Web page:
Even when she had the cabin to herself Katrine showed no anxiety to hurry.  The plain truth was that she dreaded entering the saloon, and facing the meeting which lay ahead.  Until that afternoon she had looked forward with eagerness to the arrival of Captain Bedford, whose society would disperse the feeling of loneliness which is never more acute than in the midst of a crowd.  He was the Middletons’ friend, Jim’s friend; reported to be good, staid, steady-going; not too young, straight as a die, and a splendid soldier,-in short an elder-brother-sort-of-man, agreeably free from romance.  They would meet, not as strangers, but with such a bond of common interests, such a certainty of future friendship, as would carry them in a bound past the initial stages of acquaintanceship.  She had counted the hours until Port Said should be reached, and now! here she was sitting dawdling in her cabin, dreading to leave it, and face what lay ahead...

Could that be Captain Bedford-that man with the tanned face, whose personality among a crowd of strangers had asserted itself with such magnetic force; whose eyes had held her own captive, against her struggling will?  Surely it was but one chance to a hundred!  There had been other men in that group, other men hanging about the hotel; tall, bronzed, soldier-like men by the dozen, any one of whom might even now be sitting in the place next to her own in the saloon, wondering, with a tepid curiosity, when Miss Beverley would appear!

It was stupid of Mrs Mannering to have suggested the possibility; not only stupid, but officious, as were also her after insinuations.  Katrine flushed, as she recalled her own momentary impulse at confession.  Protection was not needed:  even if Captain Bedford were different from what she had expected, she could deal with the situation without help from others; could see as little or as much of him as she desired.

She rose, with sudden determination, cast a last look in the glass, and walked resolutely towards the saloon.  She was late, for the second course was already being cleared away, and a steady hum of conversation rose from the crowded tables.  Katrine steered her way to her own seat at the far end of the great room, a graceful figure, with head held high, and flushed, frowning face.  The diners followed her with their eyes, and commented among themselves.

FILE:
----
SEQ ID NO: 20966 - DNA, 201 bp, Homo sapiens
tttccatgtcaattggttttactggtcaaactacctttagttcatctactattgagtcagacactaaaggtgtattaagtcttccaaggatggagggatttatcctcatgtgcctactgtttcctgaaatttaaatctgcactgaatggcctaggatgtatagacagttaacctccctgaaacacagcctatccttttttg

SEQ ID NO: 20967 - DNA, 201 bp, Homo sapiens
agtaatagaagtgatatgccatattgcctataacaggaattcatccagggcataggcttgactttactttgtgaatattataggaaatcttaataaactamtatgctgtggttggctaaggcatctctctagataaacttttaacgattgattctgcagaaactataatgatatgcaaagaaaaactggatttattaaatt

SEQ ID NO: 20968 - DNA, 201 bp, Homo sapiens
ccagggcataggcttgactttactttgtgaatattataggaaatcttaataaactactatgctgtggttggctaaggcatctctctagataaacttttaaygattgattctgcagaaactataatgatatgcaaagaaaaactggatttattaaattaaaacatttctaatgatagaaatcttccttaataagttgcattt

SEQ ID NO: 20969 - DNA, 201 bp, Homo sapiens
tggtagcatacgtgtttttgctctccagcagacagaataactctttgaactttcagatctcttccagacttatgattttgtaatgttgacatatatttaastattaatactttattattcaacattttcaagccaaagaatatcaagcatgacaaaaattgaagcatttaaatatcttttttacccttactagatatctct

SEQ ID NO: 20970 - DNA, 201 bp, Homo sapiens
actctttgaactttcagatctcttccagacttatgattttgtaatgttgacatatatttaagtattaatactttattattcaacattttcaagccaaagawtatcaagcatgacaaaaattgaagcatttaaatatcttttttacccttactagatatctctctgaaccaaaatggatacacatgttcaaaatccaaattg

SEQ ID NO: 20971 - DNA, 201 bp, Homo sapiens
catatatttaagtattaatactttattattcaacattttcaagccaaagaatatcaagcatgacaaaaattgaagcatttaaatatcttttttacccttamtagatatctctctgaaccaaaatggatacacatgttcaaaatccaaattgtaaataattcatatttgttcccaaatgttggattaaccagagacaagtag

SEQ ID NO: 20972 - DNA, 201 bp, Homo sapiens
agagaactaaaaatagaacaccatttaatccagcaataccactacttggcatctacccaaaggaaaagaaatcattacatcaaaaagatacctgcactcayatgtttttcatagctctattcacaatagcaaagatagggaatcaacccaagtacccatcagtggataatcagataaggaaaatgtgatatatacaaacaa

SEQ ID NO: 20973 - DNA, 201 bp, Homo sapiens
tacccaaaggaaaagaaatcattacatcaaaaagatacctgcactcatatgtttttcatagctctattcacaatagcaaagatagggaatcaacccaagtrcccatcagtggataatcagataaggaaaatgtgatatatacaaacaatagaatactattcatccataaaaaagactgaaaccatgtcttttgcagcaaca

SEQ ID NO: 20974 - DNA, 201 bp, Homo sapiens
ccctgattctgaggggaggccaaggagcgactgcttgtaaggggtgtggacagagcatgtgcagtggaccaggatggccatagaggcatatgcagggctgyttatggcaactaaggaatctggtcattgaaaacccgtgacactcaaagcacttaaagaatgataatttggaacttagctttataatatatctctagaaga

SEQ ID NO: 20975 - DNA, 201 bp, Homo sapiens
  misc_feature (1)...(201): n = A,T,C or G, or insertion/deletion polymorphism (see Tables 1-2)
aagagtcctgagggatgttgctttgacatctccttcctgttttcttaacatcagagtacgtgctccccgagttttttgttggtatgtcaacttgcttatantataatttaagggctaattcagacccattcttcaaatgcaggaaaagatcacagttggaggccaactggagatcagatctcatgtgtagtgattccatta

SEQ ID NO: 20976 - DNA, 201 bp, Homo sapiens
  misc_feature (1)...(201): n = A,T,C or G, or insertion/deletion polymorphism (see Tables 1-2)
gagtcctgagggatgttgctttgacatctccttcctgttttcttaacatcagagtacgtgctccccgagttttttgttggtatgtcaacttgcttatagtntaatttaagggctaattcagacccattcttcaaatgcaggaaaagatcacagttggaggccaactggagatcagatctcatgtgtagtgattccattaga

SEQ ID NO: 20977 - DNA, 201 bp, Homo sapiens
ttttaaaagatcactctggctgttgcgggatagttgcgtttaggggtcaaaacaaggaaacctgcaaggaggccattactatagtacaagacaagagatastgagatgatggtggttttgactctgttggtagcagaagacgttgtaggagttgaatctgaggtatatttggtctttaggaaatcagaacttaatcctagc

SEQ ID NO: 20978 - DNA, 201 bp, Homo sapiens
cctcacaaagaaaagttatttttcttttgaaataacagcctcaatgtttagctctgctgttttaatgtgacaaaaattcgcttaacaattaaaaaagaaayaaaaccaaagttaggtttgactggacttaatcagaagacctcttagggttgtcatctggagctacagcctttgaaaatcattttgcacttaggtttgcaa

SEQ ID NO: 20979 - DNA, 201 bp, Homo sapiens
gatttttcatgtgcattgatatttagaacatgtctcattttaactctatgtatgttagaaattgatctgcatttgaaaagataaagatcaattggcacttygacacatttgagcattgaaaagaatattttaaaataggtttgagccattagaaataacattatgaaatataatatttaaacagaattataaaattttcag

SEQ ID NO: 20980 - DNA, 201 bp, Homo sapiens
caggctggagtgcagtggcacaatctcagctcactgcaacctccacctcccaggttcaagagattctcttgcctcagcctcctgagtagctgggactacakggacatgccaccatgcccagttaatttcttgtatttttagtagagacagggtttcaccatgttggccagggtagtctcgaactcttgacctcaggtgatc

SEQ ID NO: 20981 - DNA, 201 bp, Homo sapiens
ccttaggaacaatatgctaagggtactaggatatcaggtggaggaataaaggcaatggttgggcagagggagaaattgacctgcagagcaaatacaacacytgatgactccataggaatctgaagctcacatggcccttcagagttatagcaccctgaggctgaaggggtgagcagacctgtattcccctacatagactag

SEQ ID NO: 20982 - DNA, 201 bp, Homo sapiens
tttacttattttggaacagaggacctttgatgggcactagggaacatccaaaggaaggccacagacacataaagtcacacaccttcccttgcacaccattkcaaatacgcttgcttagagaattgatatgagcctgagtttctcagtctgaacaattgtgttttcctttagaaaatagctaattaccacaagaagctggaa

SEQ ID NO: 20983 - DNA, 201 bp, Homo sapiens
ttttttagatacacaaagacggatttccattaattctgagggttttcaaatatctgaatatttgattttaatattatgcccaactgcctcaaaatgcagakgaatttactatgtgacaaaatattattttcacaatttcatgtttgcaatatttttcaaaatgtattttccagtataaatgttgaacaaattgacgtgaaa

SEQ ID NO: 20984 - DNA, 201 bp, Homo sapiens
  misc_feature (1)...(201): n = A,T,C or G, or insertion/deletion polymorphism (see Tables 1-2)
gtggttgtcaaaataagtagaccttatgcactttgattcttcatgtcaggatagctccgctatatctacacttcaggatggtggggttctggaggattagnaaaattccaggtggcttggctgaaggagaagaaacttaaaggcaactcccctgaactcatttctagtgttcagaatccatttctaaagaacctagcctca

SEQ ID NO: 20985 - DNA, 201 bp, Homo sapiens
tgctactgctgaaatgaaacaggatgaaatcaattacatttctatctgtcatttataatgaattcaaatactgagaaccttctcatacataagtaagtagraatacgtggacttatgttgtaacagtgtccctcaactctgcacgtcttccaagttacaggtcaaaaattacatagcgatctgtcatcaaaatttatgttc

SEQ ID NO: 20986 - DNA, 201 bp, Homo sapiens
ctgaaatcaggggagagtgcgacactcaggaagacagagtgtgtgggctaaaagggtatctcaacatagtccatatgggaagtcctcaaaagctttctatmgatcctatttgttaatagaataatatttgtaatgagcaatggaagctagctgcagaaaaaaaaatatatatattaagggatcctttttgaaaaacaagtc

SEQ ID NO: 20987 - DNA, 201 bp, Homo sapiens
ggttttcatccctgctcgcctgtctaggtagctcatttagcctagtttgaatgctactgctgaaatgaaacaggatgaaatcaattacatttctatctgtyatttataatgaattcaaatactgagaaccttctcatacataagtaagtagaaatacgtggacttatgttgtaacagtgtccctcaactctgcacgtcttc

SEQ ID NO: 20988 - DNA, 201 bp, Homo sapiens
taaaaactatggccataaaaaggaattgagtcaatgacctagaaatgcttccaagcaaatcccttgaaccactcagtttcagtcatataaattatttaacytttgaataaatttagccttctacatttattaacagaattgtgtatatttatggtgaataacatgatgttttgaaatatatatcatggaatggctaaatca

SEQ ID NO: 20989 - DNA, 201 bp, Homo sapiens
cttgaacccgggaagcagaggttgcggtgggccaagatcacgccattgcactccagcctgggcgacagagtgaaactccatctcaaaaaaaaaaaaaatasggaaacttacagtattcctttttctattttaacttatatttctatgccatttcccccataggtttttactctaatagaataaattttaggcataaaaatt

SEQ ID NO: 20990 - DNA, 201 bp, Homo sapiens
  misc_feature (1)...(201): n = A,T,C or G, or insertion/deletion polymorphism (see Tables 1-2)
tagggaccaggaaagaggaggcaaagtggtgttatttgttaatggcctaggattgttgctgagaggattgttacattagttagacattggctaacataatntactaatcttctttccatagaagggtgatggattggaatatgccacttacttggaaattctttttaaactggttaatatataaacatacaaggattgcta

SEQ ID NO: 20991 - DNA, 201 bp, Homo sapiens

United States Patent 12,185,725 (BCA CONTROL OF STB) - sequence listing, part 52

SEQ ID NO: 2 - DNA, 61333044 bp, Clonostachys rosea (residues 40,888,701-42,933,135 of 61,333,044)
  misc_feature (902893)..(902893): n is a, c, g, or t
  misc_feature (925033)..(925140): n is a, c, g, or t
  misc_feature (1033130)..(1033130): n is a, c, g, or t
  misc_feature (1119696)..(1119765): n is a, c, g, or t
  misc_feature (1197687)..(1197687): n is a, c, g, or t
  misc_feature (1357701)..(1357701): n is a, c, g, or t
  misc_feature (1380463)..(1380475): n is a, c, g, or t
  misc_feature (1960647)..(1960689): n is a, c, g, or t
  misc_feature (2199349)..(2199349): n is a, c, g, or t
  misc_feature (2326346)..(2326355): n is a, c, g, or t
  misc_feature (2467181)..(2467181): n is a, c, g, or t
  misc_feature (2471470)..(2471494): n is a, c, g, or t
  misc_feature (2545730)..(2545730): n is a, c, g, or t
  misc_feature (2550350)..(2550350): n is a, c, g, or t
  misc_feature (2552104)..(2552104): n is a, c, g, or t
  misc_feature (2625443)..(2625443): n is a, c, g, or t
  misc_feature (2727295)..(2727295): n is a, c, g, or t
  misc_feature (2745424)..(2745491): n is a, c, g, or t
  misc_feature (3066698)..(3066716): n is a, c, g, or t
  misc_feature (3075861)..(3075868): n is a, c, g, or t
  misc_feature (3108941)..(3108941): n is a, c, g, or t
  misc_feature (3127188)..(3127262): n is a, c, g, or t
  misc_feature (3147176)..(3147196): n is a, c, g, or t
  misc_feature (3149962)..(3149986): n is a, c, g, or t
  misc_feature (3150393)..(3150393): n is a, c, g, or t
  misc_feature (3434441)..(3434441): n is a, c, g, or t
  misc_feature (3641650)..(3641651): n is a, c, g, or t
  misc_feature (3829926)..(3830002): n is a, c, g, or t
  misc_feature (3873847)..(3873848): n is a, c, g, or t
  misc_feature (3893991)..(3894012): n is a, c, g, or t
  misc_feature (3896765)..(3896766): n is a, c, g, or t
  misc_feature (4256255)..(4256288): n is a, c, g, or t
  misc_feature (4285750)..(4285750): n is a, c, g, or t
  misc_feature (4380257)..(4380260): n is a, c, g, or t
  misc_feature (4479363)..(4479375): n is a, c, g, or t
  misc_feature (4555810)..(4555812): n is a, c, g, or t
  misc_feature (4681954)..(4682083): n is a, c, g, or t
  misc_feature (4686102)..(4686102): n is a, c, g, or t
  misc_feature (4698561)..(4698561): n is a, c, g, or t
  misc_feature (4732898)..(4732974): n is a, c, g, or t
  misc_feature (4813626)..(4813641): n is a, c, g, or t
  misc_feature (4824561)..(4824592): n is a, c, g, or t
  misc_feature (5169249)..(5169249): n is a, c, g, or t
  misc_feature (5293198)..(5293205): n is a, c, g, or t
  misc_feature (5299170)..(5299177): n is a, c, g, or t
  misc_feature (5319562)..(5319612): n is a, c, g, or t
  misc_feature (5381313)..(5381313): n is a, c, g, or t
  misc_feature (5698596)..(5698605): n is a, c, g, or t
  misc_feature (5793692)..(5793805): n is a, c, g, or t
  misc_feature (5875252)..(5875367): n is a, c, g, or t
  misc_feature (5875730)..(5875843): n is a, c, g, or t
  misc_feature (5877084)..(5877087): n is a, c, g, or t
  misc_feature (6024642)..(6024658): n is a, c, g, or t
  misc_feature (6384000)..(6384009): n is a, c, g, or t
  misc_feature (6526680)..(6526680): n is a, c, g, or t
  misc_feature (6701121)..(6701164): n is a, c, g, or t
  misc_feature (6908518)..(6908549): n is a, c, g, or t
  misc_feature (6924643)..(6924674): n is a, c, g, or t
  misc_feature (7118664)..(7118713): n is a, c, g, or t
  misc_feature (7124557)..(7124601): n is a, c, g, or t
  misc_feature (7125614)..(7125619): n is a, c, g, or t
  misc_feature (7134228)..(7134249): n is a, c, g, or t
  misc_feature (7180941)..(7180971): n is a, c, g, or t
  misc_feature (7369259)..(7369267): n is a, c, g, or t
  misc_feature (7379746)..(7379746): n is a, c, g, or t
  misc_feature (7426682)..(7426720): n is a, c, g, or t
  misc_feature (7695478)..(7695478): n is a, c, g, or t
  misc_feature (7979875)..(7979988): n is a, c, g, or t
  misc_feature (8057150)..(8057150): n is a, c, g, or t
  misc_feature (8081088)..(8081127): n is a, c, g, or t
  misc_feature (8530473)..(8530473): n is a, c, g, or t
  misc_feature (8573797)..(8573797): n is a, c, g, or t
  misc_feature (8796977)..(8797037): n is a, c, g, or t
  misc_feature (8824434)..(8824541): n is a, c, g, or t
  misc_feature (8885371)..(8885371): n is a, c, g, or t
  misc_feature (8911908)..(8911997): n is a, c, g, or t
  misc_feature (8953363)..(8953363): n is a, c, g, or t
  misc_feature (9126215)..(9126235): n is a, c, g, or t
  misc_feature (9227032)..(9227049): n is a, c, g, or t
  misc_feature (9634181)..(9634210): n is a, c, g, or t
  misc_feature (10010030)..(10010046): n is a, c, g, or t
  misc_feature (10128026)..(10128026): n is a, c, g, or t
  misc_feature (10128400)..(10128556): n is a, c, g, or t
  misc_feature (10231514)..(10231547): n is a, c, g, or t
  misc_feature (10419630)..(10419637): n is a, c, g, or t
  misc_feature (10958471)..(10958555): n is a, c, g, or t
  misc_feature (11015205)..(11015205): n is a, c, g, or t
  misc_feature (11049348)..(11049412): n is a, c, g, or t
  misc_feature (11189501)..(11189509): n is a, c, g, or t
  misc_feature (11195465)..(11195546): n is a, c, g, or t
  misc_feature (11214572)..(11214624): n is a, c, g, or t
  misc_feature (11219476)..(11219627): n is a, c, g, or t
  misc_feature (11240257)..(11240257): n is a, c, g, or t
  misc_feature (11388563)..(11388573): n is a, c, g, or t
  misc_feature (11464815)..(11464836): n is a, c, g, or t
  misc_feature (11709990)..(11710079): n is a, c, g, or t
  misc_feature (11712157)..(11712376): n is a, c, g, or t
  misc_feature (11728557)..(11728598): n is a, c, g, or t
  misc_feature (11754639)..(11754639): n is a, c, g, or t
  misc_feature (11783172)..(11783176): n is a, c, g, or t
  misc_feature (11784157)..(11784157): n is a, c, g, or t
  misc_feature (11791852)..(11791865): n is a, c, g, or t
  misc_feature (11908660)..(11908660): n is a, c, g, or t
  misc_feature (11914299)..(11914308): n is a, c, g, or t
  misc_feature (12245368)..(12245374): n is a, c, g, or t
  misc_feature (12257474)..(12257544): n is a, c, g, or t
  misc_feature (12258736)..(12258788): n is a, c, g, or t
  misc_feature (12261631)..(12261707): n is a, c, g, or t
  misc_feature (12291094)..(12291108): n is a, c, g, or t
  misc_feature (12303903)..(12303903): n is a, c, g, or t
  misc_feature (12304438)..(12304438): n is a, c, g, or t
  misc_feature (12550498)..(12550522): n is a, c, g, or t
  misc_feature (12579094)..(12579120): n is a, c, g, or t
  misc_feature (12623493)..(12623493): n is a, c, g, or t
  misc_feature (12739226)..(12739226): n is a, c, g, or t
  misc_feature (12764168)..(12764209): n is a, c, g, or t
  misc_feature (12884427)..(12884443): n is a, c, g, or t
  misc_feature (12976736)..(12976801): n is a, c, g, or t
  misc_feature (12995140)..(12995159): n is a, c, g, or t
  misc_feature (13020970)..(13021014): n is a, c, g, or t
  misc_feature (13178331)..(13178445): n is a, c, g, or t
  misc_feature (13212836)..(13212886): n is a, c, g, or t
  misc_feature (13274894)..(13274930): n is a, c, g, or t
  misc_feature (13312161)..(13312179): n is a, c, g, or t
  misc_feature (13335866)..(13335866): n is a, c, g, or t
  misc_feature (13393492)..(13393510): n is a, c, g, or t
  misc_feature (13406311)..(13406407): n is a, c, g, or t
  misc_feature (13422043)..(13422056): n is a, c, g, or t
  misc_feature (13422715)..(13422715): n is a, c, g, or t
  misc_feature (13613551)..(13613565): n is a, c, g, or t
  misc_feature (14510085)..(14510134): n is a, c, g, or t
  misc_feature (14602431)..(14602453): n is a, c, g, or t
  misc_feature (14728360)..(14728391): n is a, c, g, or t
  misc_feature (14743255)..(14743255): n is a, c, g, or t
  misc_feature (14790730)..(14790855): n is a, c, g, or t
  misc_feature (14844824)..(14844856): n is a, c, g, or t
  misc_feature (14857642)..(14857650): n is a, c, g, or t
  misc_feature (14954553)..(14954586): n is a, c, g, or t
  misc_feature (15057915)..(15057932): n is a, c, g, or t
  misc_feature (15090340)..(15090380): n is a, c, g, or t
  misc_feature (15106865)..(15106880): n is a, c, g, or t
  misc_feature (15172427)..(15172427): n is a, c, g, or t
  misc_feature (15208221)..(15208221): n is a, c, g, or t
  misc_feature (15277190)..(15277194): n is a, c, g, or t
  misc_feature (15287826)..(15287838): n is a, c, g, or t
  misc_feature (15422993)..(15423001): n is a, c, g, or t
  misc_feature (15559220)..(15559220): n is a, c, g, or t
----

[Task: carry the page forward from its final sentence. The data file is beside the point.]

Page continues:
“Fine girl-beautiful eyes!  Holds herself well.  Pretty, but too tempery for my taste...  Pity she mixes herself up with that Vernon brute.  Expect she’s used to a Bohemian set.  Beverley’s sister, I’m told...  Author fellow who married Grizel Dundas.  Ever met her?  The most fascinating little witch!  Could smile the heart out of a stone wall.  Might have married any one she liked, instead of chucking away a fortune for the sake of a scribbler...”

Katrine pursued her way unconscious of criticisms, which, if overheard, would have accentuated the “tempery” expression.  Her heart was beating with unaccustomed quickness, she kept her eyes averted from her own empty seat, and-the seat beyond!  Even at the moment of stopping she would not look, but a tall figure rose suddenly, hand shot out, a voice spoke, level and expressionless:  “Miss Beverley, I believe!”

It was he!  Once more Katrine met the gaze of grey eyes, curiously light in the brown face; once more felt the sudden, half-fearful thrill.

“Captain Bedford!  I-I think I saw you on shore this afternoon.”

“At the hydrant.  Yes!” He seated himself after her.  “I enjoyed your enjoyment.  It’s an amusing sight when one is new to the East.  Has the voyage been pleasant so far?”